A look at my work from behind the camera
JANUARY 15, 2024
Inspiration can strike at anytime--even at sunrise. So I try to be ready.
Being ready when inspiration strikes
A photo friend, Jeff Harold, wrote a column a while ago in the member news of the Lake County Art League entitled “Your Elusive Creative Genius and Taylor Swift.”
I'm not a fan of Taylor Swift. But Jeff's quote from her, poet Ruth Stone, and his own creative process reminded me of my own struggles, Rick Rubin and the importance of paying attention to that fickle beast called inspiration.
That might be a brain-full to grasp, so let me explain....
About the rock star Swift, Jeff wrote, the creative process of songwriting never happens the same way; “sometimes it feels like a weird haunting” when ideas come from who knows where. And sometimes they don't come at all and “you have to scrounge your brain” for something to write.
Jeff gives us a glimpse of his own creative process, by saying ideas pop up unexplained and randomly ...”But once it hits, I can’t stop thinking about it and the work just flows.”
And for poet, Ruth Stone, Jeff quoted her as saying that when ideas come “like a thunderous train of barrowing down,” she has to “run like hell” for a piece of paper and pencil before the idea gets away.
The image of a “thundering train” resonated with me.
All that reminded me of Rubin's book “The Creative Act: A Way of Being,” must reading for any creative, by the way. In it, Rubin—a Grammy Award winning producer -- stresses the importance of jumping on inspiration the moment it appears, lest it be gone.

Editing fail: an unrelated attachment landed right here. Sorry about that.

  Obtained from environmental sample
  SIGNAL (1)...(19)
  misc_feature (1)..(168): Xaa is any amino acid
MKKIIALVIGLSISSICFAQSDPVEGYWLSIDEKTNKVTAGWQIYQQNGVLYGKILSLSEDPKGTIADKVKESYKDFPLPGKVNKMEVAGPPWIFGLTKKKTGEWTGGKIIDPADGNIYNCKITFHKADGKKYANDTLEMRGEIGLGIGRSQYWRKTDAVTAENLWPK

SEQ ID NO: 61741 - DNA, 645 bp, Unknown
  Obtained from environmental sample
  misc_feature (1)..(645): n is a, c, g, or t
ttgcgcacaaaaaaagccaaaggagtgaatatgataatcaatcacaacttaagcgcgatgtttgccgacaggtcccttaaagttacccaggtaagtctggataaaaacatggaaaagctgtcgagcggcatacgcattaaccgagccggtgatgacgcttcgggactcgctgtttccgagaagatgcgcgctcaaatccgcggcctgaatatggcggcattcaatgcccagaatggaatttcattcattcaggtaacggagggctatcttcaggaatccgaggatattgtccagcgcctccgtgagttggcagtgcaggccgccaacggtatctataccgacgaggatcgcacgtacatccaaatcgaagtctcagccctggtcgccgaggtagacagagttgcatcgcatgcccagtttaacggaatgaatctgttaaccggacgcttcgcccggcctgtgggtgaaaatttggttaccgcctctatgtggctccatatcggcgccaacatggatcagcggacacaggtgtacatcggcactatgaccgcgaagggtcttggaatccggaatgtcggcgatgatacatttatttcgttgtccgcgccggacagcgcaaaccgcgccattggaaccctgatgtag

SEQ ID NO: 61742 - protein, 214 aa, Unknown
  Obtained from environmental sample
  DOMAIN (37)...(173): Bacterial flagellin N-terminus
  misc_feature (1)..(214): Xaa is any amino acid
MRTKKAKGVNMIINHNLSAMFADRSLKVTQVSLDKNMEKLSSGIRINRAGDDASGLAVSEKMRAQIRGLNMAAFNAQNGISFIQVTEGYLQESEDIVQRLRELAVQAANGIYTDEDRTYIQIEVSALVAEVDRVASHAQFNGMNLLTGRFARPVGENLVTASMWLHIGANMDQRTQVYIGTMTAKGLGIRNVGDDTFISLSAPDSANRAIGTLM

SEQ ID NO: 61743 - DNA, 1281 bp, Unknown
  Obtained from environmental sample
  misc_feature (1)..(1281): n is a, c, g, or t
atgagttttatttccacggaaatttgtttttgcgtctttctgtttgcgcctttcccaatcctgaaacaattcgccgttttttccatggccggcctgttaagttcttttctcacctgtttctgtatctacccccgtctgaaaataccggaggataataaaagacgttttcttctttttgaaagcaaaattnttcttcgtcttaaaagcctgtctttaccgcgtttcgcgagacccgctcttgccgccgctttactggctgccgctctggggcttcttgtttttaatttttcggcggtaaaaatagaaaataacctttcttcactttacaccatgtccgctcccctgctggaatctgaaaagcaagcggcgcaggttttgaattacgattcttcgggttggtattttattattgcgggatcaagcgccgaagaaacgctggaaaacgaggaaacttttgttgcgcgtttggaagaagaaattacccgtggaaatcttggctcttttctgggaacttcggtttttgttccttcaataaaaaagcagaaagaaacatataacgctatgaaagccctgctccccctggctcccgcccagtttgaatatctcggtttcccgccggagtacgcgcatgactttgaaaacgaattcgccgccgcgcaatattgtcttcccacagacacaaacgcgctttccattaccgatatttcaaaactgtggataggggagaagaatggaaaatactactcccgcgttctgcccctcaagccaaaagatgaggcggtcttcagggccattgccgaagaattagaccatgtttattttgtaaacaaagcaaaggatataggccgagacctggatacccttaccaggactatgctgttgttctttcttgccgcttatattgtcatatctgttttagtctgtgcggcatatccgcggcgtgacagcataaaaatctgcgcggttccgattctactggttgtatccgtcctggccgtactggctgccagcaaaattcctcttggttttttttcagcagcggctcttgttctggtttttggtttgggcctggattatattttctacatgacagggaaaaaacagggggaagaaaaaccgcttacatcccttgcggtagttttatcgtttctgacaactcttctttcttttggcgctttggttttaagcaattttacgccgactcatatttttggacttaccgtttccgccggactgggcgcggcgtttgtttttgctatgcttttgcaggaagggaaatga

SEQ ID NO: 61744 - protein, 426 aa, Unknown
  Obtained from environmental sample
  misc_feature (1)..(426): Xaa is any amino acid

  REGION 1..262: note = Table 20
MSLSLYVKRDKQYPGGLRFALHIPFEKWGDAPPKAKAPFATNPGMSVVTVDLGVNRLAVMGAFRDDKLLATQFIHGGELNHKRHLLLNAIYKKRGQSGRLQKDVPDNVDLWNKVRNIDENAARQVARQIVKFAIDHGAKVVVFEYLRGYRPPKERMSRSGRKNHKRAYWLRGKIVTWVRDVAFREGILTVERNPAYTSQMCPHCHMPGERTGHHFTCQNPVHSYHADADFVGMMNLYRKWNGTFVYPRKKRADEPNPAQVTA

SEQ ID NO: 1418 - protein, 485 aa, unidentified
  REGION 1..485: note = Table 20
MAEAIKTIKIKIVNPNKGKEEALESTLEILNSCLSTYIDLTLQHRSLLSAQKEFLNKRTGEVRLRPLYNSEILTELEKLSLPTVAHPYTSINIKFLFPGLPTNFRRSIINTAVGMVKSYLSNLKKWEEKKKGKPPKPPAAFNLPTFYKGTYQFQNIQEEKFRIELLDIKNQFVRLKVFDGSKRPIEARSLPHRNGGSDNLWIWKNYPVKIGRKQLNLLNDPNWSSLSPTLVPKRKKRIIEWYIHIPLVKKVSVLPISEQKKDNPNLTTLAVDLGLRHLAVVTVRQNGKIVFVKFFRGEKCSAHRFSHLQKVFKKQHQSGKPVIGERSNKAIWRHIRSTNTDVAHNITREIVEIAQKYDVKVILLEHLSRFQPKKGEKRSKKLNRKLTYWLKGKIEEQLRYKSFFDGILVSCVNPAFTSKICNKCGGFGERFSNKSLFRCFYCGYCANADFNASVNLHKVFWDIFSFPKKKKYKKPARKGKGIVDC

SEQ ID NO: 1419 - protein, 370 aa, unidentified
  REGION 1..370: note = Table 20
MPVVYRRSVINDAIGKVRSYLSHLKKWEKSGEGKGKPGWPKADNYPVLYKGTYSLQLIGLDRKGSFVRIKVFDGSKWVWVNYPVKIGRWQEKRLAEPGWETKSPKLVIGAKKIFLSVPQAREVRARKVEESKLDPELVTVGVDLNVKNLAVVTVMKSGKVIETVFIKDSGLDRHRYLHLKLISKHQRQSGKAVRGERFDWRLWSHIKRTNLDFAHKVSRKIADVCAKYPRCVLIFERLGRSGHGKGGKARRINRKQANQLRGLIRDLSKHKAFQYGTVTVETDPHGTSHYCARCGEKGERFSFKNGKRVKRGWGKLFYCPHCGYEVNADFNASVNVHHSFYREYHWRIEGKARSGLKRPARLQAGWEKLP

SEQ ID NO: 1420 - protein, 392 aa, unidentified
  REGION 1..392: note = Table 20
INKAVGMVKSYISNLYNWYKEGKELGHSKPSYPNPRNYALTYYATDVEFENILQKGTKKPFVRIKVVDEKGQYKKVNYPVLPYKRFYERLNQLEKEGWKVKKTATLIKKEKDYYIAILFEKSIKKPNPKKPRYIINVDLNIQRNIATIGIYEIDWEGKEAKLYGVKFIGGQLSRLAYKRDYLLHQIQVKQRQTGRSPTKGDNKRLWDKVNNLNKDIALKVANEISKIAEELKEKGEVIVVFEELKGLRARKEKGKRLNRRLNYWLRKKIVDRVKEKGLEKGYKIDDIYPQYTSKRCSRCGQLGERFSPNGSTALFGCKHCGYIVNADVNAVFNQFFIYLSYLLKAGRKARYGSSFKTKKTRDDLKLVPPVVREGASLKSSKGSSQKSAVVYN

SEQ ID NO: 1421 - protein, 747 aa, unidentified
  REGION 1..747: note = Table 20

“Ride the wave as long as it can be ridden,” he says. “If you are fortunate enough to experience the strike of inspiration, take full advantage of the access. Remain in the energy of this rarefied moment for as long as it last. When flowing, keep going.”
Rubin's advice struck a cord.
It reminded me of how many times an idea—be it a blog post, a photo project, or how to edit an image I was struggling with --would pop in my head at inconvenient times: often early in the morning when the house is still and I'm half awake in bed, or while driving, or in the midst of a totally unrelated conversation.
When that happened, I'd promise myself that I'd write it down and get to it later. But like a ghost at midnight, the idea would vanish before I could grab it.
These days, I keep a day book—that's something like a diary—near me at all times. The office laptop is always open, too, often to a blank page in a the word processing program. Or i'll have a tiny spiral notebook and a pen stuffed in a pocket, like that nerd kid in high school we'd all make fun of, and in my camera bag.
Well, he may have been a nerd, but he had the right idea.
Now, when inspiration calls, I'm ready.
This column was written entirely by me, a passionate landscape photographer and writer working in the midwest, Arizona and California. None of it was produced by artificial intelligence.
Just a note of thanks
A former colleague from my newspaper days said something to me once that popped back into my head as I thought about 2023.
It went something like this...
“You've got it made,” he said, “to be at your age, making beautiful pictures, being able to write about them, and then leaving them behind....'
I didn't realize it at the time, but he was---and still is—so right.
He did, however, leave out one small element: I'm lucky to have the best friends ever, and they seem to enjoy my work.
So now that we've made it through the holidays and we are into the new year, I want to thank each and every one of you, my friends and followers.
Thanks for reading my ramblings.
Thanks for looking at my pictures.
Thanks for sharing your thoughts about them.
Thanks for coming to my showings.
And thanks for connecting,
As one who's finds joy in sharing my view of the world through my photographs, your friendship and the fact that my work resonates with you, means more to me than you'll ever know.